Sep­a­ra­tion anx­i­ety, bul­lies and other preschool blues

Preschool is rarely a smooth jour­ney for chil­dren. SASHA GON­ZA­LES asks the ex­perts how to han­dle the most com­mon dilem­mas, from sep­a­ra­tion anx­i­ety to hav­ing trou­ble mak­ing new friends.

Young Parents (Singapore) - - The Right Start Issue -

“My kid has sep­a­ra­tion anx­i­ety and can’t bear to leave my side when I drop her off at school.”

“Start­ing a new preschool can be po­si­tioned as an ex­cit­ing change rather than a fear­ful change,” says Coreen Soh, deputy gen­eral man­ager at The Lit­tle SkoolHouse In­ter­na­tional.

“So, tell your child all about the pos­i­tives of go­ing to school, but also make sure that she’s pre­pared for the neg­a­tives. Iden­tify var­i­ous plus points about the school and show how these align with her in­ter­ests.

“To help with the tran­si­tion from home to preschool, bring your child to the ori­en­ta­tion ses­sion and al­low her to par­tic­i­pate in pre-en­rol­ment ac­tiv­i­ties.”

An­other way to min­imise her anx­i­ety is to talk to her about her new sched­ule and work with her to cre­ate a chart that de­tails this new rou­tine.

In ad­di­tion, help her look for­ward to her new rou­tine by go­ing shop­ping for a new school bag, wa­ter bot­tle and other essen­tials with her; com­ing up with ideas for snacks that she can take to school; and dis­cussing all the fun ac­tiv­i­ties that will be tak­ing place when term starts.

“Re­mem­ber, too, that kids are greatly in­flu­enced by their par­ents’ emo­tional state, so be calm when you drop her off and pick her up,” Coreen adds.

“And if you’ve promised to pick her up at a cer­tain time, keep your prom­ise and don’t be late, as this will only cause her un­nec­es­sary panic and add to her anx­i­ety.”

“My kid is scared about be­ing in a new en­vi­ron­ment – how can I re­as­sure him that he’s safe?”

It’s an un­fa­mil­iar en­vi­ron­ment for your lit­tle one, so it’s only nat­u­ral for him to feel out of place. It doesn’t help be­ing sur­rounded by kids and adults he doesn’t know, ei­ther.

But Dr Lim Boon Leng, a psy­chi­a­trist at Dr BL Lim Cen­tre For Psy­cho­log­i­cal Well­ness says that af­ter a cou­ple of weeks, your child will start to feel more com­fort­able and his anx­i­ety will prob­a­bly dis­ap­pear.

“What you can do to min­imise the prob­lem in the mean­time is let your child spend time in the school be­fore term starts,” he ad­vises.

“Or­gan­ise a school tour or at­tend an open house, dur­ing which he can meet his teach­ers and fa­mil­iarise him­self with the class­rooms, play ar­eas and so on.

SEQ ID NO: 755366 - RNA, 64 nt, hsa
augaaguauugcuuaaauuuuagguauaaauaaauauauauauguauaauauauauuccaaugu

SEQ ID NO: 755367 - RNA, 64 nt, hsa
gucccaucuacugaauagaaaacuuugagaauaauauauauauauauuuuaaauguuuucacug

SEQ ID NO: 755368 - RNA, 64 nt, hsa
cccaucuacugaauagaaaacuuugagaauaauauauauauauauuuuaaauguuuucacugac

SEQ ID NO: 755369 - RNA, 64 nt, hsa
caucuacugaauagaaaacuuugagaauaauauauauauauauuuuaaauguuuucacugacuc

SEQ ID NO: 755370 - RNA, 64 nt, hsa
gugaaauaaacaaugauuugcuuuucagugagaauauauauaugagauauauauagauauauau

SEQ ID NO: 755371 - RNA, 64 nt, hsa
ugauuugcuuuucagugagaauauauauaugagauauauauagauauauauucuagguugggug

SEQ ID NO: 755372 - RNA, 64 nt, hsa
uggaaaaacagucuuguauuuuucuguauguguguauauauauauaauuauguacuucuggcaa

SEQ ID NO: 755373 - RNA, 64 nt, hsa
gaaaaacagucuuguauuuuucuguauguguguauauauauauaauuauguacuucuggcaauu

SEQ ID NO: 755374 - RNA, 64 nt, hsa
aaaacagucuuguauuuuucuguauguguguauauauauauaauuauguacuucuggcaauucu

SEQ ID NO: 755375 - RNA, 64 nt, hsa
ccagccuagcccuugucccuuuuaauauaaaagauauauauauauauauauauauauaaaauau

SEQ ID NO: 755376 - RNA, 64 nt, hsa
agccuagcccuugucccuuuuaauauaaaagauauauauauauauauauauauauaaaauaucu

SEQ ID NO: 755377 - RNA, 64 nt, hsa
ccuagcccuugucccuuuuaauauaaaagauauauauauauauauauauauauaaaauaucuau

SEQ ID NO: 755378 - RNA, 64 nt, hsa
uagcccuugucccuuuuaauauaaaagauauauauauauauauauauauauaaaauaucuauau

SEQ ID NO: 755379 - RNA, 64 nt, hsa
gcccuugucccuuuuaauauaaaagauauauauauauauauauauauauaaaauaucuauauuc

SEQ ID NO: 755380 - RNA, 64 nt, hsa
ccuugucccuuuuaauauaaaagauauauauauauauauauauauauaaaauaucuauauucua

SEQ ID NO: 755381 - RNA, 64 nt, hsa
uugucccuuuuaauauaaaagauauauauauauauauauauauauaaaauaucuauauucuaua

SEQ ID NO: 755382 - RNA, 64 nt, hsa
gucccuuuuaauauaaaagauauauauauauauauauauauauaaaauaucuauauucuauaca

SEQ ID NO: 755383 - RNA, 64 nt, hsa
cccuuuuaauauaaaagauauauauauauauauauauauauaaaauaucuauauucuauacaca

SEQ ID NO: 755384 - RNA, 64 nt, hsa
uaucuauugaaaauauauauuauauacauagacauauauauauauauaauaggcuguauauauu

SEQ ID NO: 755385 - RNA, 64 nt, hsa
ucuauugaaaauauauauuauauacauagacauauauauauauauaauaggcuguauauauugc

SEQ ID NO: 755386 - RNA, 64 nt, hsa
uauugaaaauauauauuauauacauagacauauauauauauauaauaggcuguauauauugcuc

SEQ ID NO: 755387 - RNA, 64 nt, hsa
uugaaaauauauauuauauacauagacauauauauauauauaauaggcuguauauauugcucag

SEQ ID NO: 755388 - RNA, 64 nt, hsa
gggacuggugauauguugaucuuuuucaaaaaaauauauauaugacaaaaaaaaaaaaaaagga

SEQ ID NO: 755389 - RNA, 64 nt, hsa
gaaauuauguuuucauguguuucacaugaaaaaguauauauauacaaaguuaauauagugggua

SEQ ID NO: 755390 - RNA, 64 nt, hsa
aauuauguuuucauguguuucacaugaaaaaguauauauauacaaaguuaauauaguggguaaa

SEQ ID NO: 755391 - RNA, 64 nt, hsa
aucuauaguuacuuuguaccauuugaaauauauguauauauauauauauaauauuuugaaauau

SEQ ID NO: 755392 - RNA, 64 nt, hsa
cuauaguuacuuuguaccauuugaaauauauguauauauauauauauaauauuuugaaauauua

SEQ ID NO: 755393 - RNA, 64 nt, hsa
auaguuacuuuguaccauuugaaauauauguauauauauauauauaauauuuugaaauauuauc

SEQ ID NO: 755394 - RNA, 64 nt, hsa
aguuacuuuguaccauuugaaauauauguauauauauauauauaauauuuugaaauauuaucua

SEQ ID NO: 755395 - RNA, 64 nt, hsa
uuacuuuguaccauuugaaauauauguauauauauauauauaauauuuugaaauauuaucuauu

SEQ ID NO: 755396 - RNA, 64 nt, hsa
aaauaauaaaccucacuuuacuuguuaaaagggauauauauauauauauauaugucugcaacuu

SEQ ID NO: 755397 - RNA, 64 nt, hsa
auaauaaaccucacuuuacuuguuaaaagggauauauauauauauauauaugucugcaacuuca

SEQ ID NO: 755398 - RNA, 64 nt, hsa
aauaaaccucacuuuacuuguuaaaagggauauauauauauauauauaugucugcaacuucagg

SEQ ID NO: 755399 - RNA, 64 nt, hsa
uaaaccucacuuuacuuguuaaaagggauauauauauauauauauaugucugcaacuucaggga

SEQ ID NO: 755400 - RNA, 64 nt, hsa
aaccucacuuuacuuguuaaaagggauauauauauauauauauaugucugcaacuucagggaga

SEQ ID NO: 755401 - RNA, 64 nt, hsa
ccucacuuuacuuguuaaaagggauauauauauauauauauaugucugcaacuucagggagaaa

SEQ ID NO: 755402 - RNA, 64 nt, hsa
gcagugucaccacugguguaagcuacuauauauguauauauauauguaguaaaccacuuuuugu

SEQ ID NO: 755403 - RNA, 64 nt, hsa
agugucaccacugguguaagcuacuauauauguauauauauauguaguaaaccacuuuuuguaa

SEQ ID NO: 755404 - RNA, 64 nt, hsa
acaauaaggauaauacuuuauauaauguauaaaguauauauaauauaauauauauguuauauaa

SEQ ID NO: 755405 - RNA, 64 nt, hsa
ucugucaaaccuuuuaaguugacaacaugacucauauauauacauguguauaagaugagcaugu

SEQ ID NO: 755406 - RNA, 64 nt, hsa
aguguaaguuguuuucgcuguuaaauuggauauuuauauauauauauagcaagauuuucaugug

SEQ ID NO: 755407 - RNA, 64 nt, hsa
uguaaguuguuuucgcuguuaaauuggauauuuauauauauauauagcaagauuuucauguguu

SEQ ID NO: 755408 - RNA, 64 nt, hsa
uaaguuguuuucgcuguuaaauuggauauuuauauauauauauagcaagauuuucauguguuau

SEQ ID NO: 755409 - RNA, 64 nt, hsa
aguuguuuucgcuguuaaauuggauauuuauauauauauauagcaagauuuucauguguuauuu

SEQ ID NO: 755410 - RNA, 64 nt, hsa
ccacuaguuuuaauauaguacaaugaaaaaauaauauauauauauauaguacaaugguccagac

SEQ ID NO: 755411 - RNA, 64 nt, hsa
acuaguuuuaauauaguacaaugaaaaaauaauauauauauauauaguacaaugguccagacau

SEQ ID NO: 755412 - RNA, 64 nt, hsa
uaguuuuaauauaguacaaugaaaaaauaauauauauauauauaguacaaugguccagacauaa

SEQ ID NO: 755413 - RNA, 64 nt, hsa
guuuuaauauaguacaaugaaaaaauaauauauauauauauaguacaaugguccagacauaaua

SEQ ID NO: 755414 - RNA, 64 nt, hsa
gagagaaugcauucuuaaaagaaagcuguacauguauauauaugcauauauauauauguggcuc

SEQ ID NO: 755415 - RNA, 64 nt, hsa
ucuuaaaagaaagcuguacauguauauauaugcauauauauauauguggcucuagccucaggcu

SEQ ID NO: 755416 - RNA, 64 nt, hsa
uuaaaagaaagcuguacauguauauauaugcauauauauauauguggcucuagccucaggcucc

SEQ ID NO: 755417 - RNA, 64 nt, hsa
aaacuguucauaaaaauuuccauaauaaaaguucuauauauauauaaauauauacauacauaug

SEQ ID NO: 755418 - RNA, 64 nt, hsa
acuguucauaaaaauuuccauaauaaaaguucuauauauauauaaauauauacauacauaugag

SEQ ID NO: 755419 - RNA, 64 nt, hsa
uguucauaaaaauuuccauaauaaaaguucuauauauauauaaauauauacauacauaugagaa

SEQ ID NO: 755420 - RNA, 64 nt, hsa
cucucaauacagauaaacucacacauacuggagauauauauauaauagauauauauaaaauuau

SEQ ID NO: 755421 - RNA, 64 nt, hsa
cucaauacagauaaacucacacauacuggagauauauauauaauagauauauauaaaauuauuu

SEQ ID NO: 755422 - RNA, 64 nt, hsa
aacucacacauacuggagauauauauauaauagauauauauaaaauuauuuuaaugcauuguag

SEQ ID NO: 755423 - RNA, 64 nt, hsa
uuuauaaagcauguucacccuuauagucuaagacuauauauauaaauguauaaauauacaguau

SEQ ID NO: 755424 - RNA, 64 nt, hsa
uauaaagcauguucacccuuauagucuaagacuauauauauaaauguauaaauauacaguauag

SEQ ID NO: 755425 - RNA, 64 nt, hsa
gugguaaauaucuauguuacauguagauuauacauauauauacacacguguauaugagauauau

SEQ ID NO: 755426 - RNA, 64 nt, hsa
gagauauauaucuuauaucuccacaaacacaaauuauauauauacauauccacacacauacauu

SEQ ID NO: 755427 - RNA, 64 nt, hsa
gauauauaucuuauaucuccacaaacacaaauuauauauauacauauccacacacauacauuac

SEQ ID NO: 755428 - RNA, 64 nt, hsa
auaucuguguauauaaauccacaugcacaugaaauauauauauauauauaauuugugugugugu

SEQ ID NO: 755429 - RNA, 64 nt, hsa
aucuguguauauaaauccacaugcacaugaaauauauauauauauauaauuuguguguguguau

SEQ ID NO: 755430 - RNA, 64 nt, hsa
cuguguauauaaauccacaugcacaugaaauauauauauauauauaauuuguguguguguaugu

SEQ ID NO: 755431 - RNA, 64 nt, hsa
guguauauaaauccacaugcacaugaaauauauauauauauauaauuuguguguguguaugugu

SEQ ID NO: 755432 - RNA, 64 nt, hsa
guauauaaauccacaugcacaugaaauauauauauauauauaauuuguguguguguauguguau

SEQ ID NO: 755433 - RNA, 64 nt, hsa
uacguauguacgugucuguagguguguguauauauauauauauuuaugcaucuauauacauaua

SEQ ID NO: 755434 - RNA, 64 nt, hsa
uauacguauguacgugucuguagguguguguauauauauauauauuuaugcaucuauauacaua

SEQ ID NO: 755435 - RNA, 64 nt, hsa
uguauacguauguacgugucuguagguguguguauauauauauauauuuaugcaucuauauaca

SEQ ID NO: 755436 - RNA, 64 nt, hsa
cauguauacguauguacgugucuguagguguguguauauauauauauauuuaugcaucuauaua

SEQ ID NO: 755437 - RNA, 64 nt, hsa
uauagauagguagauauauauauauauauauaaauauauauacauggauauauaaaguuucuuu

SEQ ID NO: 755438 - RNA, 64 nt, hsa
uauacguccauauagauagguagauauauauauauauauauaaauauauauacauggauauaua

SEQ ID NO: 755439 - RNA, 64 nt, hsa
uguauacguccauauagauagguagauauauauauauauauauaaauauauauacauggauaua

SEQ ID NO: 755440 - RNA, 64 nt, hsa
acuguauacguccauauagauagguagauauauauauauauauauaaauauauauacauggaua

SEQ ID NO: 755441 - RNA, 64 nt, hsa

“Get him ex­cited about spend­ing time in this new space, re­as­sure him that he’ll have fun with his new class­mates, and tell him all about the school.

“The point is to get him used to the idea of be­ing there. Some kids may ben­e­fit from go­ing to school for just a short du­ra­tion in the ini­tial few days of term. Grad­u­ally in­crease the du­ra­tion as they start to feel more com­fort­able.”

Pa­tri­cia Tay, se­nior prin­ci­pal at Kin­der­land, says that if the fear of leav­ing home is the rea­son be­hind your child’s pho­bia, it might be a good idea to choose a preschool closer to home. This will give your child a sense of com­fort.

“How can I make it eas­ier for my child to wake up early for school?”

Ac­cord­ing to Dr Theo­dric Lee, a pae­di­a­tri­cian at Thom­son Pae­di­atric Cen­tre @ Jurong East, preschool­ers aged three to six years old need be­tween 10 and 12 hours of sleep a day, in­clud­ing naps.

“If this means putting your child to bed ear­lier the night be­fore, make the change grad­ual, be­cause it’s eas­ier to de­lay bed­time and sleep later than to go to bed ear­lier.

“The way to shift bed­time ear­lier is to put your child to bed 15 min­utes ear­lier every two days. There­fore, to shift bed­time from 10pm to 9pm, it would take about eight days.

“It would be wise to plan these changes in ad­vance, then once this early bed­time has been es­tab­lished, make sure your child sticks to it.”

Dr Lee adds that preschool­ers should be given

“Kids are greatly in­flu­enced by their par­ents’ emo­tional state, so be calm when you drop her off.”

op­por­tu­ni­ties to nap every day, as this pro­motes good qual­ity sleep at night.

“How­ever, re­mem­ber that chil­dren should wake up from their nap with at least four hours of awake time be­fore night-time sleep. If not, it will be dif­fi­cult for them to fall asleep at the in­tended bed­time.

“So, if your child’s in­tended bed­time is 9pm, you should wake him up from his nap no later than 5pm.”

A re­lax­ing pre-bed­time rou­tine is im­por­tant to help your lit­tle one fall asleep eas­ily, and once you’ve set a rou­tine, don’t con­tra­dict it, says Dr Henry Toi, dean at Mul­berry Learn­ing.

“So, for in­stance, if the rou­tine in­cludes a warm bath and a change into py­ja­mas be­fore go­ing to bed, don’t let your child play with stim­u­lat­ing toys or go to the play­ground af­ter his bath.

“In­stead, play sooth­ing mu­sic and dim the lights to make the at­mos­phere more con­ducive to sleep. Read­ing him a bed­time story helps, too.”

“My kid told me that he dis­likes one of his teach­ers.”

Pa­tri­cia of Kin­der­land says to stay calm and hear him out.

“Lis­ten to what he says about the teacher and val­i­date his feel­ings but don’t ap­pear overly con­cerned.

“For ex­am­ple, you could say, ‘It seems that you’re upset with your teacher. How can we make this eas­ier for you?’.